- Screening is for asymptomatic women for the early detection of breast cancer.
- Screening mammography needs to be of high quality and expertly interpreted to detect cancers at an early stage.
- For screening mammography to be effective in significantly reducing the death rate from breast cancer in Australian women, large numbers of women in the target age group must attend regularly.
- Diagnostic mammography is for women who have clinical breast symptoms which require investigation.
Rationale and practice
There is an important distinction between the use of mammography for screening, and its use for diagnostic purposes.
Screening mammography is performed on asymptomatic women for the purpose of detecting unsuspected cancer at an early stage. The early detection of breast cancer increases the likelihood of successful treatment and often allows for more treatment options.
Where screening mammography has been provided in an organised and systematic manner it has been shown to be effective in decreasing mortality from breast cancer by around one third to a half in women over 50 years of age who regularly attend.
Screening mammograms need to be of extremely high quality and be interpreted expertly in order to detect very small cancers. These skills are acquired by training and by experience in the taking and reading of large numbers of screening mammograms by the professionals concerned. An excellent system for assessment is also essential when abnormalities are detected.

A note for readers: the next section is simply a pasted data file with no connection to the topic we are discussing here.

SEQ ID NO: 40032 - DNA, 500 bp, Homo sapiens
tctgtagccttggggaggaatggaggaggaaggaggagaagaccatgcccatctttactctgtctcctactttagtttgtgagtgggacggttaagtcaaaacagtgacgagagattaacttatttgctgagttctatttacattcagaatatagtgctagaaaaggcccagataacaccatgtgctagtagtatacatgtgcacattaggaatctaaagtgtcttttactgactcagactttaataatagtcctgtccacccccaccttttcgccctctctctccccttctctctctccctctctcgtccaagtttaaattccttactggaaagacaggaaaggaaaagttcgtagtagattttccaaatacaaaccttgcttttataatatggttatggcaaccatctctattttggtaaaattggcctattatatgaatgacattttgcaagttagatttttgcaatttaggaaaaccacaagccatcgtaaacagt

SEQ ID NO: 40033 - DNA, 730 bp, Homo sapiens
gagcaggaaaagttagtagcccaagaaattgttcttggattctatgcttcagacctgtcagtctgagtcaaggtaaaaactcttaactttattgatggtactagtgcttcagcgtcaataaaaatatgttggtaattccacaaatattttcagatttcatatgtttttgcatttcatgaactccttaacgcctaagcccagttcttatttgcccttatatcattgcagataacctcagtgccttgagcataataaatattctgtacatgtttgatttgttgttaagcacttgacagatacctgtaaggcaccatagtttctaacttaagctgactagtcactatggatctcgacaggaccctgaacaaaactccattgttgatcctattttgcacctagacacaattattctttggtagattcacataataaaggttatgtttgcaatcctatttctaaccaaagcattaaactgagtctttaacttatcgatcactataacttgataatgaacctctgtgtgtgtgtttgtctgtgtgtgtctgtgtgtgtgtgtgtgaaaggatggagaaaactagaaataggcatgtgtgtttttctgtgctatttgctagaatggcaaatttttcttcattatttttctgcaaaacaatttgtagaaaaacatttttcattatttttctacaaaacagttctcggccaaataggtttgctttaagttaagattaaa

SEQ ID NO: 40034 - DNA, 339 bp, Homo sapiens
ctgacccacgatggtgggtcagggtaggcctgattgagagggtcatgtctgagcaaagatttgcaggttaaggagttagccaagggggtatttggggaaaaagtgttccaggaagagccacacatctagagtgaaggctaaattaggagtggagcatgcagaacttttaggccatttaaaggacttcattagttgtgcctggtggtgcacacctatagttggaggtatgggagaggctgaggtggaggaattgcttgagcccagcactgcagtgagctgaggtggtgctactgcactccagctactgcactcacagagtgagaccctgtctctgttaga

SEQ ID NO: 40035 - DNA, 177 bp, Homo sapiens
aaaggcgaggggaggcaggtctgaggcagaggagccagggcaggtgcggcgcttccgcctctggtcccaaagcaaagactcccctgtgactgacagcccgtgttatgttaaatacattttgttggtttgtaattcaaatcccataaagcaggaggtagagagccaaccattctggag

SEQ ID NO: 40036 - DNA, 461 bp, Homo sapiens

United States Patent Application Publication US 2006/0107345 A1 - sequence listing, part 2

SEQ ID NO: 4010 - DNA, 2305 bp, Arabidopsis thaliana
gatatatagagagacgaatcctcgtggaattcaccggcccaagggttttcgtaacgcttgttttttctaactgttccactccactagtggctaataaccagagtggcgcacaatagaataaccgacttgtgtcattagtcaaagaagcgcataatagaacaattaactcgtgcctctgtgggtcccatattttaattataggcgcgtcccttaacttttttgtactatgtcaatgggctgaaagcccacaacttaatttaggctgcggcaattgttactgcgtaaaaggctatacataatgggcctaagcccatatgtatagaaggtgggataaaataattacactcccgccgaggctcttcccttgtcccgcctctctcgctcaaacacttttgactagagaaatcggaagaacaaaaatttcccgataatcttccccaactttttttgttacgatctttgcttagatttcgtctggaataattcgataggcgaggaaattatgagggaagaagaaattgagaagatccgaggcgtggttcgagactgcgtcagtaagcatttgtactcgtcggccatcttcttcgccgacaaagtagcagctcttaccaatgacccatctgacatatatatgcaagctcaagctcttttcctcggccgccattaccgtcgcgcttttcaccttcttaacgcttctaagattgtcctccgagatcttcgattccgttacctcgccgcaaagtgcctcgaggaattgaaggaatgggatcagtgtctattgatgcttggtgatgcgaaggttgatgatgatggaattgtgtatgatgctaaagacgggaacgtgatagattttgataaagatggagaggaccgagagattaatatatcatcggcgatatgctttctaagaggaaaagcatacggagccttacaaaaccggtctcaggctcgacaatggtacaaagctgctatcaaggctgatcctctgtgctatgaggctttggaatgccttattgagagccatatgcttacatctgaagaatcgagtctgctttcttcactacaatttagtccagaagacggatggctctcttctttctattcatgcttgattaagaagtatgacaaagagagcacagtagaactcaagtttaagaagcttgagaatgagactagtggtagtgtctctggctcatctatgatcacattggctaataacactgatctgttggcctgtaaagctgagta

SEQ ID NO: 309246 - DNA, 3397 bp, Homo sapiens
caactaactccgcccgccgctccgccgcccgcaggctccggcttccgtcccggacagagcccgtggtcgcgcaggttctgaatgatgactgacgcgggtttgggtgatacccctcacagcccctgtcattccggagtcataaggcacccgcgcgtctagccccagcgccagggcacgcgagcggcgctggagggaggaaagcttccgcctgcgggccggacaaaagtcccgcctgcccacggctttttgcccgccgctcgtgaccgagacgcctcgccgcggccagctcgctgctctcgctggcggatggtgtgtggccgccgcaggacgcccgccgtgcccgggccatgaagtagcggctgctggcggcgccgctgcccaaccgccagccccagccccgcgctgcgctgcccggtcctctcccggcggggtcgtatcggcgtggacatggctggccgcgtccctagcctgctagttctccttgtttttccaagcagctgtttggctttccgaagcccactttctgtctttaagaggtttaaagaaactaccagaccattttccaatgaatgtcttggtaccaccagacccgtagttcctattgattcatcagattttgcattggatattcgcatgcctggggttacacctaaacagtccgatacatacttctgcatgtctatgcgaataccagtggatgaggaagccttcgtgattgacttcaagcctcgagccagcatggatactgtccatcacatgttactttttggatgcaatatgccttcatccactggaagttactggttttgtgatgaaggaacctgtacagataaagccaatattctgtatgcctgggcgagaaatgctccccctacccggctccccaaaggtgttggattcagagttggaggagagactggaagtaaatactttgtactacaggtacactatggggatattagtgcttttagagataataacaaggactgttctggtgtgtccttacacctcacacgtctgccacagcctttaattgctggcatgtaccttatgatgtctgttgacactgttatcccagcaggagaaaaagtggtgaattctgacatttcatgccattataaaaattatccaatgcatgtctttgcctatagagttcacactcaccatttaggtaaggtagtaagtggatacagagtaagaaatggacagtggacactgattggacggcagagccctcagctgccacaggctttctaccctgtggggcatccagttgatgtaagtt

To be effective on a population basis, a high compliance rate of attendance of women in the appropriate age range for screening mammography is necessary. Recruitment activity to a screening mammography program needs to be given high priority.
Diagnostic mammography is for women who have clinical breast symptoms which require investigation. Diagnostic mammograms are usually taken in conjunction with clinical assessment. The use of other investigations, particularly breast ultrasound and fine needle aspiration biopsy may also be performed to assist in diagnosing the symptom.
Diagnostic mammography services are not designed to recruit and screen large numbers of women who are likely to benefit from regular screening mammography.
BreastScreen Australia ensures that women for whom screening mammography is most likely to be beneficial are specifically targeted. It also provides an integrated, systematic and high quality service.
A doctor's referral is not required for screening mammography through BreastScreen Australia. Women are systematically recruited to the Program by various strategies aimed at the target population of women aged 50-69 years.